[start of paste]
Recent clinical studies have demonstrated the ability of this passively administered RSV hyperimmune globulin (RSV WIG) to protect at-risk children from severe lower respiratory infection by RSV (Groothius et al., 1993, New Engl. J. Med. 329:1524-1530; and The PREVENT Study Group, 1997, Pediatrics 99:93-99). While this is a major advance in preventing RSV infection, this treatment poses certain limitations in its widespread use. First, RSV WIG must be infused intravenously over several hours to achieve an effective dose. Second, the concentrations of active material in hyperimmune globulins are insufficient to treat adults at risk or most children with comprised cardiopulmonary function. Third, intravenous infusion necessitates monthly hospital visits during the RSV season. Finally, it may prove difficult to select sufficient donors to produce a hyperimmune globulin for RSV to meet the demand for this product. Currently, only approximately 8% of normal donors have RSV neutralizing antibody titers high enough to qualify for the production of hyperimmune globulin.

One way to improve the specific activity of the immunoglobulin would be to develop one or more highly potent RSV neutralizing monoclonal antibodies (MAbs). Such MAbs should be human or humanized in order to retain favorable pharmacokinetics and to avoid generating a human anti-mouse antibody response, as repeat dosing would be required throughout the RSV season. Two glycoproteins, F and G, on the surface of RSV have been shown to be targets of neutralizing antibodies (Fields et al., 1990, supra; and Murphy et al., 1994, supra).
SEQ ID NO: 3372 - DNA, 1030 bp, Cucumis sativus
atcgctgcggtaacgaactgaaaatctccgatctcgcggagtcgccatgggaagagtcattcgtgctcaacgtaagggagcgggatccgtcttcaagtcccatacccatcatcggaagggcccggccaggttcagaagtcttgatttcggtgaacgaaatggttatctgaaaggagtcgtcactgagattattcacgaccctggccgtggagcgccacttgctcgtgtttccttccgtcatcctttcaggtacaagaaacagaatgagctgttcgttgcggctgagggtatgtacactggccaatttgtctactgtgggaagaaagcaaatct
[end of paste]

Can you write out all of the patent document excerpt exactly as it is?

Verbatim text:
Recent clinical studies have demonstrated the ability of this passively administered RSV hyperimmune globulin (RSV WIG) to protect at-risk children from severe lower respiratory infection by RSV (Groothius et al., 1993, New Engl. J. Med. 329:1524-1530; and The PREVENT Study Group, 1997, Pediatrics 99:93-99). While this is a major advance in preventing RSV infection, this treatment poses certain limitations in its widespread use. First, RSV WIG must be infused intravenously over several hours to achieve an effective dose. Second, the concentrations of active material in hyperimmune globulins are insufficient to treat adults at risk or most children with comprised cardiopulmonary function. Third, intravenous infusion necessitates monthly hospital visits during the RSV season. Finally, it may prove difficult to select sufficient donors to produce a hyperimmune globulin for RSV to meet the demand for this product. Currently, only approximately 8% of normal donors have RSV neutralizing antibody titers high enough to qualify for the production of hyperimmune globulin.

One way to improve the specific activity of the immunoglobulin would be to develop one or more highly potent RSV neutralizing monoclonal antibodies (MAbs). Such MAbs should be human or humanized in order to retain favorable pharmacokinetics and to avoid generating a human anti-mouse antibody response, as repeat dosing would be required throughout the RSV season. Two glycoproteins, F and G, on the surface of RSV have been shown to be targets of neutralizing antibodies (Fields et al., 1990, supra; and Murphy et al., 1994, supra).
SEQ ID NO: 3372 - DNA, 1030 bp, Cucumis sativus
atcgctgcggtaacgaactgaaaatctccgatctcgcggagtcgccatgggaagagtcattcgtgctcaacgtaagggagcgggatccgtcttcaagtcccatacccatcatcggaagggcccggccaggttcagaagtcttgatttcggtgaacgaaatggttatctgaaaggagtcgtcactgagattattcacgaccctggccgtggagcgccacttgctcgtgtttccttccgtcatcctttcaggtacaagaaacagaatgagctgttcgttgcggctgagggtatgtacactggccaatttgtctactgtgggaagaaagcaaatct